Lot 1
  • 1

A Broad Shield, Lower Murray River Early 19th Century

Estimate
20,000 - 30,000 GBP
Sold
30,000 GBP
bidding is closed

Description

  • Carved and engraved wood (inner bark of the gumtree), pipe clay, red ochre

Provenance

Private collection, South Africa

Walter James Leyland, United Kingdom, acquired from the above circa 1970 and thence by descent

Catalogue Note

Cf., Carol Cooper et al., Aboriginal Australia, Australian Gallery Directors Council, 1981, p.88, fig.S47, for a shield of similar form and related engraved designs; Carol Cooper, in Judith Ryan, Aboriginal and Torres Strait Islander Art in the Collection of the National Gallery of Victoria, NGV, Melbourne, 2012, pp.16-17 for discussion and illustrations of related shields.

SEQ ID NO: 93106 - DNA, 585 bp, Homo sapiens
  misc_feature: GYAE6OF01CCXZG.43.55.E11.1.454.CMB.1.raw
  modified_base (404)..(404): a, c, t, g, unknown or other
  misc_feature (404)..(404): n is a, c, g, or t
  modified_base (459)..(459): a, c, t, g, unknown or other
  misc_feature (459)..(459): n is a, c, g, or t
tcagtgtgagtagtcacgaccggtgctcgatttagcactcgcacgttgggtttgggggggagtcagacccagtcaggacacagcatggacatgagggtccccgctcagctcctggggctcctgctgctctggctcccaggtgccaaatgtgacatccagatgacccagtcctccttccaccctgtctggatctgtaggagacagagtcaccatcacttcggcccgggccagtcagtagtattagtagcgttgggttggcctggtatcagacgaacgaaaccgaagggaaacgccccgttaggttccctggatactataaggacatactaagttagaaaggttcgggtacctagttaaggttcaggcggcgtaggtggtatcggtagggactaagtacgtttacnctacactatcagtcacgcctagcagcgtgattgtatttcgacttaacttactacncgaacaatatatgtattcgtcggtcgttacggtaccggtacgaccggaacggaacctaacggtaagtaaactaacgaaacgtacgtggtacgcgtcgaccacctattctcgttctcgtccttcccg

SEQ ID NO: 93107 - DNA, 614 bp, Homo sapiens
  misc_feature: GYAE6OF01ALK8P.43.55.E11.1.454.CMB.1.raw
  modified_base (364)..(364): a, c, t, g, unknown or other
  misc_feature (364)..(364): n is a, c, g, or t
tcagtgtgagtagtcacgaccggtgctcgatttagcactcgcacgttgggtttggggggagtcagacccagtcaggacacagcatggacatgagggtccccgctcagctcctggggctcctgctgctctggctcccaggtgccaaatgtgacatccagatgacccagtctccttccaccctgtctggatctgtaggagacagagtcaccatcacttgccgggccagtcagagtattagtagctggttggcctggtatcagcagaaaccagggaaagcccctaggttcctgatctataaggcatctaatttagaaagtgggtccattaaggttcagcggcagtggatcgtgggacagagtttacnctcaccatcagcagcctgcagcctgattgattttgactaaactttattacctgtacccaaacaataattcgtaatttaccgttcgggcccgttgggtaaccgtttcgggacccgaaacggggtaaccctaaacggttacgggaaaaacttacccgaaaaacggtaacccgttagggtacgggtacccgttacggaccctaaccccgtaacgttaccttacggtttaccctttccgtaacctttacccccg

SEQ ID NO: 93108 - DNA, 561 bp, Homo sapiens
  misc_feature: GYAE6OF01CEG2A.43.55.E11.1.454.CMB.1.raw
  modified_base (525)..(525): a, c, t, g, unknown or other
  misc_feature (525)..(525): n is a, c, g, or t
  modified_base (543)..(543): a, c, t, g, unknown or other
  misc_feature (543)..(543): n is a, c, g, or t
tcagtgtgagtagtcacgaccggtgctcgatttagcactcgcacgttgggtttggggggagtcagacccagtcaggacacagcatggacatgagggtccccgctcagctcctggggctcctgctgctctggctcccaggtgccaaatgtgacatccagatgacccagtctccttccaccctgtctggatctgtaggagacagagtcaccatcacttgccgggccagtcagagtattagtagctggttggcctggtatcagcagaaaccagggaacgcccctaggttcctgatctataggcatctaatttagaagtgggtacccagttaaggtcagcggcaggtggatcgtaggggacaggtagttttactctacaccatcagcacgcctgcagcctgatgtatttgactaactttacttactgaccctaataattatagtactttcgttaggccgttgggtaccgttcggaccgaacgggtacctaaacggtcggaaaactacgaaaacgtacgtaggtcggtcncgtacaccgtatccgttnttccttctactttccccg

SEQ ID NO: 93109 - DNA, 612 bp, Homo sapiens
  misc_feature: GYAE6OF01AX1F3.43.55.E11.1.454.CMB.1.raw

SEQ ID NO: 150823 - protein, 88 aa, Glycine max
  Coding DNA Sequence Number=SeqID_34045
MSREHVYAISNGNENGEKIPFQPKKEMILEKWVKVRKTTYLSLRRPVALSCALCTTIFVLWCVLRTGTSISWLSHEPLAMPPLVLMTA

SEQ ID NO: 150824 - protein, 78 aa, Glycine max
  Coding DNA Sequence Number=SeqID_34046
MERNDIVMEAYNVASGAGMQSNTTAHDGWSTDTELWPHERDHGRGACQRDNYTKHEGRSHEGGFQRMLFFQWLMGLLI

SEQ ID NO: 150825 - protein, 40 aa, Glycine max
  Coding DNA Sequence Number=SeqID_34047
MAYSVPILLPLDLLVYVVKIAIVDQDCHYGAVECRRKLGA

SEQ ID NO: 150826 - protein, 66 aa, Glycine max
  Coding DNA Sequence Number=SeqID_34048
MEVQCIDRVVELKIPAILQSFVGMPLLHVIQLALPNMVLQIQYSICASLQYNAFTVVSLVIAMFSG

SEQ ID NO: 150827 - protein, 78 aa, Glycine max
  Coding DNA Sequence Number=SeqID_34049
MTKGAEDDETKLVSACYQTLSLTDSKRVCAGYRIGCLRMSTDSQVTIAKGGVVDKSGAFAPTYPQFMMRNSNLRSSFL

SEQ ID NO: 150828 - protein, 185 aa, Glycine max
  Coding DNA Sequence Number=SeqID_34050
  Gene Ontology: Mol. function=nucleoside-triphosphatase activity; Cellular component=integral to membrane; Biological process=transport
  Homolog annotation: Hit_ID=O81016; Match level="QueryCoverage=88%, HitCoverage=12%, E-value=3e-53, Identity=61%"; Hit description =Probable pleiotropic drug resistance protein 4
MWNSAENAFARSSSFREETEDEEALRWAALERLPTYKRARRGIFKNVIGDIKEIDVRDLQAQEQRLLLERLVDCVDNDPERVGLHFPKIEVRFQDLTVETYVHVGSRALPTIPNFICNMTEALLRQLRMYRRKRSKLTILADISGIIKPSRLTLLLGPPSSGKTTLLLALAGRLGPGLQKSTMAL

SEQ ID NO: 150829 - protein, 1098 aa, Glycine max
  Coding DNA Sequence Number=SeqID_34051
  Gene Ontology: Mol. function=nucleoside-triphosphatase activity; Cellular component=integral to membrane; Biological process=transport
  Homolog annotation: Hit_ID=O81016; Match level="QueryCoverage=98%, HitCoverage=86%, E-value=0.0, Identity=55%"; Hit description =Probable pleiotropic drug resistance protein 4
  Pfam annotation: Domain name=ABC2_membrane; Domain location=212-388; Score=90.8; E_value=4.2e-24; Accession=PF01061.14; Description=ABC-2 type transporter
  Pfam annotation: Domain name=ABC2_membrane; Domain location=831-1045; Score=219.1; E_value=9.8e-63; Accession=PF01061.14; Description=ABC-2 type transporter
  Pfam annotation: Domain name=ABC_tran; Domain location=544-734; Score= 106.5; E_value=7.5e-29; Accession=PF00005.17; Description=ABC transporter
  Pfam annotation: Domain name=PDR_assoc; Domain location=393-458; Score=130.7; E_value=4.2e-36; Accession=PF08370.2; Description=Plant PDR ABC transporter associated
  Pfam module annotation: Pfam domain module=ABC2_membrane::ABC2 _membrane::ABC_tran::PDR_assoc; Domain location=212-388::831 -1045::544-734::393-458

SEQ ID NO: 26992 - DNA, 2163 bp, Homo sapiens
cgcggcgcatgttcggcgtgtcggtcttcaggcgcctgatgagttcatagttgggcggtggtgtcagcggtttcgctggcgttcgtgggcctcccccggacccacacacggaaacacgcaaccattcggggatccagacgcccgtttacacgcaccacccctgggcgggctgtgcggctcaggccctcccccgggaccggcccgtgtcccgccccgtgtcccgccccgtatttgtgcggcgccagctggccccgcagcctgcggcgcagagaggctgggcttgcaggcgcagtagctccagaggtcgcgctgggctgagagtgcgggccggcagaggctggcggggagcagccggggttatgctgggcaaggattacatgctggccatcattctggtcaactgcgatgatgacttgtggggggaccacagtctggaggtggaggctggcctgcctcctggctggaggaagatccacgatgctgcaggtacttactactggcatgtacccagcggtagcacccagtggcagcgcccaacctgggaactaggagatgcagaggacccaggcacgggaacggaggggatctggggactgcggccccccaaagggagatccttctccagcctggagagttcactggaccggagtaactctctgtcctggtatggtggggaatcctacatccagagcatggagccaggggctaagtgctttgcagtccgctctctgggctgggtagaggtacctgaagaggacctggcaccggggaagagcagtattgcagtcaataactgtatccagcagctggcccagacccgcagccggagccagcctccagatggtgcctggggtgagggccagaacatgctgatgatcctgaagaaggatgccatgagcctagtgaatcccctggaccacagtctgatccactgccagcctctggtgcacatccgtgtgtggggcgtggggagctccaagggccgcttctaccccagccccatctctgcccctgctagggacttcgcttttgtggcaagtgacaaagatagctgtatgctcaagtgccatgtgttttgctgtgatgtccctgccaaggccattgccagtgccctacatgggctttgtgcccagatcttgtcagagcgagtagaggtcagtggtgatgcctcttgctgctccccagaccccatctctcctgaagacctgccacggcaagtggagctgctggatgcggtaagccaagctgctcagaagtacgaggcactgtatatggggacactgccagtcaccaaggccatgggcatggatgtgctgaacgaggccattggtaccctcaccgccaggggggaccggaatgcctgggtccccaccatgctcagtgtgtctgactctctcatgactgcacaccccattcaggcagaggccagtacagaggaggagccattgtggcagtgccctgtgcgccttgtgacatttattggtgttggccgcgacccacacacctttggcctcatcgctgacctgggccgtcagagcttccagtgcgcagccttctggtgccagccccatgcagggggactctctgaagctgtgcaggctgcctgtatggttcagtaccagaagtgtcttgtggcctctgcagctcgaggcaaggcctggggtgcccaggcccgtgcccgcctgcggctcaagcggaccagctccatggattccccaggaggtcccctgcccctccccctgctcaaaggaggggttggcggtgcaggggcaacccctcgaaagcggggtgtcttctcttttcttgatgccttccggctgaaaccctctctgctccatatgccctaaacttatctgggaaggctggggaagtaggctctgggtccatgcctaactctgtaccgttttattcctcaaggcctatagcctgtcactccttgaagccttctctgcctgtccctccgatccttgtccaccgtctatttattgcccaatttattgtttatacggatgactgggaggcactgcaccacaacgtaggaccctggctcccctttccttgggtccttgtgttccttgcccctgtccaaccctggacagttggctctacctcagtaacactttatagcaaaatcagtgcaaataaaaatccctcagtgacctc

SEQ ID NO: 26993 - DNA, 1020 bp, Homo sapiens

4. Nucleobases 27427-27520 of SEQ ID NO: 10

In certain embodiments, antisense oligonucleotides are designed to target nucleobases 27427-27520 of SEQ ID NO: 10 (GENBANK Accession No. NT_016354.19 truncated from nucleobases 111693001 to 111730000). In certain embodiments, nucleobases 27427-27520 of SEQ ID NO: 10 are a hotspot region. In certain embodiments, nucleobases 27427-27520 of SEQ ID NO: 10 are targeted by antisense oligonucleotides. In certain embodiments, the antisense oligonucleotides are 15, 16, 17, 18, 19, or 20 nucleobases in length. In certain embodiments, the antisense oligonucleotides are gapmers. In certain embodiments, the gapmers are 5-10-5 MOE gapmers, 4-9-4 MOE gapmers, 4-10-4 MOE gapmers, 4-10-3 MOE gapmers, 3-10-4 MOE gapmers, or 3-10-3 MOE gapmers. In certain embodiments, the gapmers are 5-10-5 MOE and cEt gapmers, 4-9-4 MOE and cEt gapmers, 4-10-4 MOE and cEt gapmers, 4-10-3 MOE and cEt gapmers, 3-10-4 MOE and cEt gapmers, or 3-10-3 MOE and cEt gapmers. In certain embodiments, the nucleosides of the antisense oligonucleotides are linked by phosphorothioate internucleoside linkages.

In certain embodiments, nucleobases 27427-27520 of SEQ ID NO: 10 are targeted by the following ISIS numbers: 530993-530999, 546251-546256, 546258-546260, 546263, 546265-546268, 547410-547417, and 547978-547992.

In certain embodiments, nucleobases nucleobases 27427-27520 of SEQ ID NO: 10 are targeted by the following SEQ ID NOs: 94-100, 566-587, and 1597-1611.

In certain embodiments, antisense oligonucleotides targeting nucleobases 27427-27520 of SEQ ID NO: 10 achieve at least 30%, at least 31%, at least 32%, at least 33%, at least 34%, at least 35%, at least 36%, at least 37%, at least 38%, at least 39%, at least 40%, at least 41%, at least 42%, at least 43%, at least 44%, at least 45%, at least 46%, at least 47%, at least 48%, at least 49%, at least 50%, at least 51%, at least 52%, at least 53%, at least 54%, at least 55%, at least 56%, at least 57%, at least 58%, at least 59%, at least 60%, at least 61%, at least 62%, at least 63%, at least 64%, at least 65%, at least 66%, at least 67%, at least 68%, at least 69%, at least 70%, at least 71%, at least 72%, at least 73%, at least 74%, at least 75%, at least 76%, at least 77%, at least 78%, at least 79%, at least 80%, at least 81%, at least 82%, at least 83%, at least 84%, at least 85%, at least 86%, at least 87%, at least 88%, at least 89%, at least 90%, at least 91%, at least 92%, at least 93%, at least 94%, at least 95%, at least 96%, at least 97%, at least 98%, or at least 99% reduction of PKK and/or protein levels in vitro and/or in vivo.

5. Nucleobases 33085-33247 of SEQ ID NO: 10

Carol Cooper writes with regard to similar shields in the National Gallery of Victoria, that these shields “… show the typical forms and rhythmic, curvilinear elements which characterise south-eastern shields. It is the mastery of their combination into a multitude of striking designs, believed to signify both the individual artist and his clan or regional group, which gives them such beauty and emblematic distinction. While many look similar, no two are exactly the same. Although made with a variety of tools, the ornamental devices displayed in this group suggest they were produced by the possum-tooth engraver, with its distinctive, tiny gouges. The tool crafted incredibly precise lines and a beautiful chiaroscuro effect, either directly from the polished and decorated surfaces or, when the design was ‘painted up’ for battle or dance, with coloured ochres or pigments.” (ibid p.16)

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